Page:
Global Financial Crisis, Mortgage Tsunami, Housing Bubble Can All Be Traced to Federal Government Intervention to Create Affordable Housing
Excerpts from "The Role of Government Affordable Housing Policy in Creating the Global Financial Crisis of 2008," a 26-page report released yesterday by the U.S. House of Representatives Committee on Oversight and Government Reform:
The housing bubble that burst in 2007 and led to a financial crisis can be traced back to federal government intervention in the U.S. housing market intended to help provide homeownership opportunities for more Americans. This intervention began with two government-backed corporations, Fannie Mae and Freddie Mac, which privatized their profits but socialized their risks, creating powerful incentives for them to act recklessly and exposing taxpayers to tremendous losses. Government intervention also created “affordable” but dangerous lending policies which encouraged lower down payments, looser underwriting standards and higher leverage.
Finally, government intervention created a nexus of vested interests – politicians, lenders and lobbyists – who profited from the “affordable” housing market and acted to kill reforms. In the short run, this government intervention was successful in its stated goal – raising the national homeownership rate. However, the ultimate effect was to create a mortgage tsunami that wrought devastation on the American people and economy. While government intervention was not the sole cause of the financial crisis, its role was significant and has received too little attention.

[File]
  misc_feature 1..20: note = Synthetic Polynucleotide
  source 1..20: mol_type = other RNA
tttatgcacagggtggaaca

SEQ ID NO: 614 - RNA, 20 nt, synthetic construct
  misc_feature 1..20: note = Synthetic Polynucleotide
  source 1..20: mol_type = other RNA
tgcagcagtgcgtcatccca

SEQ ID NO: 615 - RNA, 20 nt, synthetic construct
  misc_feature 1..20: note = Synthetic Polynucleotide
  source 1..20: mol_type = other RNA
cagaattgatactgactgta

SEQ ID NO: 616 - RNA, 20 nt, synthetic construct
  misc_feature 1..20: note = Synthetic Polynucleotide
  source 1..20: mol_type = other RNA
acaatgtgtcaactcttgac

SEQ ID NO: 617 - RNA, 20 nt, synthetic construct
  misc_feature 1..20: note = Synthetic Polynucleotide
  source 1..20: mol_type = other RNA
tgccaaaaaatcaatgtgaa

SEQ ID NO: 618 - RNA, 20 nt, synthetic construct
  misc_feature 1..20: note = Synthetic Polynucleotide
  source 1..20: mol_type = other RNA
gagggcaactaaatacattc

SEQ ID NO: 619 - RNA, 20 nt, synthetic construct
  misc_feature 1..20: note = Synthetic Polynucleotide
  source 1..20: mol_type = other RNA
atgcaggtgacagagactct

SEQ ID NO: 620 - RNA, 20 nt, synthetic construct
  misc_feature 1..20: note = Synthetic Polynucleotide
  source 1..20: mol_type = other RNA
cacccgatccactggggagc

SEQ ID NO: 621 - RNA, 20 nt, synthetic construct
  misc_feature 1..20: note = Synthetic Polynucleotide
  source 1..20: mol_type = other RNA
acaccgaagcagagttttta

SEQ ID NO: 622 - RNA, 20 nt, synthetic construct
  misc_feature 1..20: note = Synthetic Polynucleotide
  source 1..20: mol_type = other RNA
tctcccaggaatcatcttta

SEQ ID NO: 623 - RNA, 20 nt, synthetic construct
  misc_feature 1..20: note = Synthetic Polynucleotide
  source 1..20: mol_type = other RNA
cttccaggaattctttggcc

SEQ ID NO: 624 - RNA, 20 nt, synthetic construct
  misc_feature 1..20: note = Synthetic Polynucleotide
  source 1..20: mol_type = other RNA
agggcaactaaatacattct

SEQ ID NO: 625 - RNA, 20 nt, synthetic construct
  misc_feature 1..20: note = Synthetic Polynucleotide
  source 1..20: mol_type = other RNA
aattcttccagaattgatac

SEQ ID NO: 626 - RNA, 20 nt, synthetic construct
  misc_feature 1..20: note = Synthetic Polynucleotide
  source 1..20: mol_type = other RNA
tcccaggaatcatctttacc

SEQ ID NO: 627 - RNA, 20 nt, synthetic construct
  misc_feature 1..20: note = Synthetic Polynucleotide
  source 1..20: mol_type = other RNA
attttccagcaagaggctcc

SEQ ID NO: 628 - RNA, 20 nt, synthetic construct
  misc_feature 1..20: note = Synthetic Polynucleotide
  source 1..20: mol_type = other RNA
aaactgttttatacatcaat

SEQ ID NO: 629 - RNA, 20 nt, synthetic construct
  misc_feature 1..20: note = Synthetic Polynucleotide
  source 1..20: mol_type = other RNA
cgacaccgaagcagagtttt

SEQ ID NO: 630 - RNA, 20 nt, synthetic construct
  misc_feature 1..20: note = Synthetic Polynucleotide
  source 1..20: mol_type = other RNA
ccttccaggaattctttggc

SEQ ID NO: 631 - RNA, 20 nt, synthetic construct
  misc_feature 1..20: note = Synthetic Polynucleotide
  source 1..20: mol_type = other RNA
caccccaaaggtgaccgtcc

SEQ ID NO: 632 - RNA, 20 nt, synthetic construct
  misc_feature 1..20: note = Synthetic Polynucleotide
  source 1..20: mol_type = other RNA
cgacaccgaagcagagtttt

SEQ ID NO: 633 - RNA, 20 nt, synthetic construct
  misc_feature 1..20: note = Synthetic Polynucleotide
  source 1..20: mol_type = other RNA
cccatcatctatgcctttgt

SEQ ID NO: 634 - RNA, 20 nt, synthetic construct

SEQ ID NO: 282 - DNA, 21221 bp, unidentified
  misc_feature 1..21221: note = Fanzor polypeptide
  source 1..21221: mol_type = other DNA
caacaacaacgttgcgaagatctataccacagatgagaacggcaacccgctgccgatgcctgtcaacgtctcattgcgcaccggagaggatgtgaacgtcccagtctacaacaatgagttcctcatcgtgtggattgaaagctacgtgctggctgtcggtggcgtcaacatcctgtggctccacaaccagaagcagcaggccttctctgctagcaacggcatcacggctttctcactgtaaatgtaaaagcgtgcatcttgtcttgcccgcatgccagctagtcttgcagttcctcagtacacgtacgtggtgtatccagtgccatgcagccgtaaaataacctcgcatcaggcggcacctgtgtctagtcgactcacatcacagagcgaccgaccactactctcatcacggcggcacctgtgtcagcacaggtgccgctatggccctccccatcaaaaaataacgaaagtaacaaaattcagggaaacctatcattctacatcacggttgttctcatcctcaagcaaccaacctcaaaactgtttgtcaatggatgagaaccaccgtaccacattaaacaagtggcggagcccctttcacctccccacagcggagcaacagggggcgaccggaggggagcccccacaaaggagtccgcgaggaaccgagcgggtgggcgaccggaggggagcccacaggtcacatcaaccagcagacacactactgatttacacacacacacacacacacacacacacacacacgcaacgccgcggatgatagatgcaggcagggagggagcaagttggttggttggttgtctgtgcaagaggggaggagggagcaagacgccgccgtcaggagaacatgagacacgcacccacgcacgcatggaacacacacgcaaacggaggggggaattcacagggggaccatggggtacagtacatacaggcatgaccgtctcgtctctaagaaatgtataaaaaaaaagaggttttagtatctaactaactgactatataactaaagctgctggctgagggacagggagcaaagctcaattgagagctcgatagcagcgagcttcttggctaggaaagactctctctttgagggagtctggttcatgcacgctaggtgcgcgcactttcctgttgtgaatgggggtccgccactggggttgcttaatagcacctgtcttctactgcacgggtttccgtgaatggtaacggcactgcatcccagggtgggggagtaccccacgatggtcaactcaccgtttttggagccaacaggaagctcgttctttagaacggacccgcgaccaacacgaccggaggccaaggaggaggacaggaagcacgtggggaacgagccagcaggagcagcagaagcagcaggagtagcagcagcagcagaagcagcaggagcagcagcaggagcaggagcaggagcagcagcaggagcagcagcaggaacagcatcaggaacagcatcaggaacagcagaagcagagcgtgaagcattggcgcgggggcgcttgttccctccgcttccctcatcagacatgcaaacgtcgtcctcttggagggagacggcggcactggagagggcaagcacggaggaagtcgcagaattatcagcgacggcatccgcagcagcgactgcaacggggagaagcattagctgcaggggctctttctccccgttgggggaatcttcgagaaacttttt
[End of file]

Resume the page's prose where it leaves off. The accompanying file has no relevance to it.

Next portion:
The real tragedy of the government’s affordable housing policy is the impact on average Americans, particularly those of modest means. Millions of these borrowers, who were supposed to have been helped by federal affordable housing policy, have now been forced into delinquency and foreclosure, destroying their asset base, their credit, and in some cases their families. For example, Latino homeowners, who once appeared to be among the most frequent beneficiaries of affordable housing policies, are now the victims of the policies that their political representatives in Washington once championed.
The consequences of these policies have also brought the entire global financial system to the brink of collapse, destroying trillions in equity and untold numbers of lives. It is essential to reexamine the borrow-and-spend, high-leverage policies that became prevalent in the mortgage market as a result of well-intentioned-but-reckless decisions made by elected officials on behalf of the American people.
Washington must reexamine its politically expedient but irresponsible approach to encouraging higher levels of homeownership based on imprudently small down payments and too little emphasis on borrowers’ creditworthiness and ability to repay their loans. Without such a return to fiscal discipline and responsibility, we will continue making the same mistakes that led us to the current financial crisis.
HT: Tom Sullivan